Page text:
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A shambles of the AFL's making

Tom Heenan

Tom Heenan

Written on Thursday, 12 December 2013 14:59

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It's been another big Bombergate week. On Monday, the saga headed to the Victorian Supreme Court. Essendon's former fitness guru, Dean 'the Weapon' Robinson, is seeking $2 million in compensation for damages to his reputation, allegedly caused by his abrupt sacking last February.

In a directions hearing, Associate Justice Robyn Lansdowne ordered the parties into mediation. Another directions hearing has been pencilled in for June. If the case proceeds to trial, Robinson's legal team is likely to subpoena Essendon and AFL officials. This should demystify much of the spin that currently shrouds Bombergate.

So far the published facts have done little to inspire public confidence in the administration of football and sport in this country.

Tania Hird's recent declaration to the Herald-Sun that her husband is being paid during his suspension is staggering. her allegation that the AFL's CEO, Andrew Demetriou, knew about the arrangement - but denied it - beggars belief.

According to Tania Hird, without the continued payment of her husband's salary the matter would have ended up in the Supreme Court. As the AFL and Essendon were determined to keep the matter out of the courts, they seemingly bowed to James Hird's demands.

But Demetriou has a different take. Last week he assured us that neither the AFL nor Essendon were paying Hird during his suspension. With Tania Hird's recent revelation, however, Demetriou has had a rethink and is now seeking "confirmation" from Essendon that Hird is not on the club's payroll. Until Essendon responds, the club will not receive its monthly discretionary payments from the AFL and may be summoned to an 'explain all' before the AFL Commission next week.

What a shambles this has been!

Tania Hird is no fool. As a lawyer who specialises in commercial property, she must know the AFL is on shaky ground and its so-called investigation is shot full of holes.

How else can you explain the AFL Commission's failure to stipulate in writing that Hird was not to be paid during his 12-month suspension? Without this stipulation his punishment is little more than a paid sabbatical at a French finishing school.

Tania Hird's admission reveals not only the AFL's ineptitude, but Essendon's utter disregard for the investigative process. Few organisations would allow an employee who has been found guilty of an offence to sit out their suspension on full pay. Essendon is duty-bound to its supporters, the AFL, and the football public to explain the situation and terminate Hird's pay immediately.

The club has already signposted its disregard for the AFL's investigation with the appointment of Mark Thompson as senior coach. Thompson was a guilty party and fined $30,000, yet he has been rewarded with the top job.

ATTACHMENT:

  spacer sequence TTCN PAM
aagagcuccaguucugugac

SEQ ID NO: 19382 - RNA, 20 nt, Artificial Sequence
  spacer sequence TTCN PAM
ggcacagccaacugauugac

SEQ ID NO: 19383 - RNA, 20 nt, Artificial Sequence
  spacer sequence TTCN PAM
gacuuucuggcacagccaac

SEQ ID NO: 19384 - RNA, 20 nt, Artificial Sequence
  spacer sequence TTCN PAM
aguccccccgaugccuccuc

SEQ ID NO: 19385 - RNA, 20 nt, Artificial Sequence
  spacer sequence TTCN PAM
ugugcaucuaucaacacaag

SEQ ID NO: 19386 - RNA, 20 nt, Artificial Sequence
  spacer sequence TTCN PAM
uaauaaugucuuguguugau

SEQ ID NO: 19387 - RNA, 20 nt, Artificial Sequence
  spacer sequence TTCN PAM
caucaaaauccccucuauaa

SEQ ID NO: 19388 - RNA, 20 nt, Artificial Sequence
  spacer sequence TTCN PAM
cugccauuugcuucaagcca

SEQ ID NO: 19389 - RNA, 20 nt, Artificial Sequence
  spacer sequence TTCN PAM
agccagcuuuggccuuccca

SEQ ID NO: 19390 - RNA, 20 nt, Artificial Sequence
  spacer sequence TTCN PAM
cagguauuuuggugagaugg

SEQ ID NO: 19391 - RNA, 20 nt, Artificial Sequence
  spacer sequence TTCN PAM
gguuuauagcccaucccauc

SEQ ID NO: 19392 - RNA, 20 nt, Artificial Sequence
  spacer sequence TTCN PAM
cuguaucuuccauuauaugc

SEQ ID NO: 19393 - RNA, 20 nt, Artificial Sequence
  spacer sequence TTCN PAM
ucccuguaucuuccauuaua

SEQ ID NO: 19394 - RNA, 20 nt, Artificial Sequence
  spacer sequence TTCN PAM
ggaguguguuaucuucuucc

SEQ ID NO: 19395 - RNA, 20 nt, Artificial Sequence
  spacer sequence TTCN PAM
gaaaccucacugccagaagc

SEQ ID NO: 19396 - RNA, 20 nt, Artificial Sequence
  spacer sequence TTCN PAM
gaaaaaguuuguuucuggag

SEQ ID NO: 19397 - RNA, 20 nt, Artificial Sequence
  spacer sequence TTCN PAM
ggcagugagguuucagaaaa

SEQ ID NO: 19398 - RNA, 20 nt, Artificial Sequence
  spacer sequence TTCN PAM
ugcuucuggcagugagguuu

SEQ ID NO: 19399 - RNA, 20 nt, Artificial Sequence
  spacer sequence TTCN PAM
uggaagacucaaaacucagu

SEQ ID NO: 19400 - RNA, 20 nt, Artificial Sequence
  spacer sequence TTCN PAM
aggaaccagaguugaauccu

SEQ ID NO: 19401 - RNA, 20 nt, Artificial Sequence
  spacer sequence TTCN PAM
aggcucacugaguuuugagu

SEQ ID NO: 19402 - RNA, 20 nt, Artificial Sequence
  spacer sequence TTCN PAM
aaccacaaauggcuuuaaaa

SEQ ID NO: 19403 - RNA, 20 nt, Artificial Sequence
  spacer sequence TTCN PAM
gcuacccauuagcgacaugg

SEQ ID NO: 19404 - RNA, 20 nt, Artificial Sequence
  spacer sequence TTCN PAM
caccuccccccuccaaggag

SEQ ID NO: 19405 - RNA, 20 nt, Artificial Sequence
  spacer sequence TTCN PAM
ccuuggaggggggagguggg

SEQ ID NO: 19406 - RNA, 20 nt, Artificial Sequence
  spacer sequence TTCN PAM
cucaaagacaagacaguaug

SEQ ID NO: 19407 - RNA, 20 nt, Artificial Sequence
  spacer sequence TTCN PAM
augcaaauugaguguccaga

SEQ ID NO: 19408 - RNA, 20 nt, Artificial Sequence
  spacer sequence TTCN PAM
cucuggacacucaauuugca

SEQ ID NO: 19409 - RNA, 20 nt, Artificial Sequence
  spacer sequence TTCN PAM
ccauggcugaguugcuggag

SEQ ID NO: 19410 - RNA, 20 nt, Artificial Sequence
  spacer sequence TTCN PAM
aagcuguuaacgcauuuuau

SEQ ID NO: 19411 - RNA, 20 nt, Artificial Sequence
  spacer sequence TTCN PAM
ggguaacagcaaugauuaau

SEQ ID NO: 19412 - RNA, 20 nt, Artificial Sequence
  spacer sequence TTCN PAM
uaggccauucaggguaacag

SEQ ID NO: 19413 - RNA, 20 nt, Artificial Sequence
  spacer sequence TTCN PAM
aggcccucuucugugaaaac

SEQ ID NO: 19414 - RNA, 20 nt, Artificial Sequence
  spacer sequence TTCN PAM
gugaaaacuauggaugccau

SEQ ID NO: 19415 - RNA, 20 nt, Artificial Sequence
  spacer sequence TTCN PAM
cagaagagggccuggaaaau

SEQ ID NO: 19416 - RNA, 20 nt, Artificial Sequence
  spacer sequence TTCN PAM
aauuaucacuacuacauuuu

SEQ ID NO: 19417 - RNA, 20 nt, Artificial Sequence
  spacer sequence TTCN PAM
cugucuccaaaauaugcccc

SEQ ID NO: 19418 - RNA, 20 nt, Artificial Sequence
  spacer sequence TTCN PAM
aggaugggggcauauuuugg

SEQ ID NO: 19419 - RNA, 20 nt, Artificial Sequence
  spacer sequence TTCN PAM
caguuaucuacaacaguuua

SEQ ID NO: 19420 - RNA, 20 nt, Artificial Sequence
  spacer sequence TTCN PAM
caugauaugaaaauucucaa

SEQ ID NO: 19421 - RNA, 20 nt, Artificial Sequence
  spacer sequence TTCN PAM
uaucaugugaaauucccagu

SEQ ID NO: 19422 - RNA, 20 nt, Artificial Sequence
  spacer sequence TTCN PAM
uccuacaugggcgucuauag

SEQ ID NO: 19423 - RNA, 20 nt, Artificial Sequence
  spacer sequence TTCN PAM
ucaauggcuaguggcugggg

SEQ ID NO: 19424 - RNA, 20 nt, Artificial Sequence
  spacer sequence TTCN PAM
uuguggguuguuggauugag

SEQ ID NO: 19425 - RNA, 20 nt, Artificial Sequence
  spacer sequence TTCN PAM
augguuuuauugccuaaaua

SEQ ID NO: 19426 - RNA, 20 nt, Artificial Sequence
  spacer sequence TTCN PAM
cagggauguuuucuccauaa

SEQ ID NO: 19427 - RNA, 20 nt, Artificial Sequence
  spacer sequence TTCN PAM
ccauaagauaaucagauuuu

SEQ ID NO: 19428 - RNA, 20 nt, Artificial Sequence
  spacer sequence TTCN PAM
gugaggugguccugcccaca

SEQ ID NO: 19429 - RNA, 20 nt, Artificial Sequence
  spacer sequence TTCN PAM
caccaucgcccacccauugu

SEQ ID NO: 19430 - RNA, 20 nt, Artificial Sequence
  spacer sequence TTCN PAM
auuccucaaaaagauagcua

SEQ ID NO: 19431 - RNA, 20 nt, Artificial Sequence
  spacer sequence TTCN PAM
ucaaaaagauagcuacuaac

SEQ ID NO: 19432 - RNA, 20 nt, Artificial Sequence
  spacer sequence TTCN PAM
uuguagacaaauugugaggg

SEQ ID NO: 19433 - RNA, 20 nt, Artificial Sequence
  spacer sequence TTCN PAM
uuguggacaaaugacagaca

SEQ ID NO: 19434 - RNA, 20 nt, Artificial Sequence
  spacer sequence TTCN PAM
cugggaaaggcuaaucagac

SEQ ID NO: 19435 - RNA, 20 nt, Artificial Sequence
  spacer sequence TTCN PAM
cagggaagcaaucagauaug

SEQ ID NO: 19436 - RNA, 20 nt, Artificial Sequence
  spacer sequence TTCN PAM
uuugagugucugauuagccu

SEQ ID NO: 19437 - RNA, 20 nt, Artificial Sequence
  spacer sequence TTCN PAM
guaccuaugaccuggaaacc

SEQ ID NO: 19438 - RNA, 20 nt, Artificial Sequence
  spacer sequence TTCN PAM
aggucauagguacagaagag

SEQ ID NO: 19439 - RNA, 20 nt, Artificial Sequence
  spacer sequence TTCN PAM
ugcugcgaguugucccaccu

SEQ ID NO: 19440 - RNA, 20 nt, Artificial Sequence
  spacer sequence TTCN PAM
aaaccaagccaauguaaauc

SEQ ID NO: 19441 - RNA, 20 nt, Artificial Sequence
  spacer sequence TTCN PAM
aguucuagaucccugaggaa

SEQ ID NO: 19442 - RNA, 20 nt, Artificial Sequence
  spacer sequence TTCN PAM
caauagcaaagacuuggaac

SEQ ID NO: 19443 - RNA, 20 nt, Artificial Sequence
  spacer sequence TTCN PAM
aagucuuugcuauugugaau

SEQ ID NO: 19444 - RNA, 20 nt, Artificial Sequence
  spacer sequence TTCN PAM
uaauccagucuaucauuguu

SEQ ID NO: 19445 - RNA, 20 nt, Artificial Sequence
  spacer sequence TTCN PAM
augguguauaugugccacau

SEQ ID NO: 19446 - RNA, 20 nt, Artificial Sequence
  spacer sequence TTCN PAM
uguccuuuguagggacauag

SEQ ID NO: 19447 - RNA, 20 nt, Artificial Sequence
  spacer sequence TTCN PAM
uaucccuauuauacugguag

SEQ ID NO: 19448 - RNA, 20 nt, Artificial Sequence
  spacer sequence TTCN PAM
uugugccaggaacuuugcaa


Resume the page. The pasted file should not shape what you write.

A more circumspect organisation would have appointed another unsullied senior coach, but not the Bombers.

Thompson's signing and the payment of Hird suggest Essendon has serious reservations about the integrity of the AFL investigation, and rightly so. The process was riddled with horse-trading and expediency.

The appointment of the Australian Sports Commission's (ASC) chair, John Wylie, to act as a mediator between the parties added to the farce. The ASC and ASADA are closely aligned. With ASADA still investigating Essendon's supplement program, Wylie was in no position to broker a deal between Essendon and the AFL.

During the negotiations he allegedly put a number of "offers" to Hird and his co-accused, clearly compromising the ASADA investigation.

The cruel irony of Bombergate is that the AFL had a case against Essendon, but prosecuted it with such ineptitude that attention has shifted from the allegations of doping to the validity of the process.

Demetriou has defended the integrity and transparency of the process, though Tania Hird's revelation on the status of her husband's current salary would suggest otherwise.

If Mrs Hird is right, Demetriou should acknowledge this stuff-up occurred on his watch and tender his resignation. So too should Wylie whose involvement has compromised his position as ASC chair.

The horse-trading and expediency that has riddled this whole saga is mind-boggling and raises questions about the professionalism of those involved.

Dean Robinson may be doing us all a favour. By taking the matter to court, perhaps the facts will emerge on what really happened at Essendon. At present all we have is the fog of spin and questions about a shambles of the AFL's making.

(Dr Tom Heenan teaches sport and Australian studies at Monash University)

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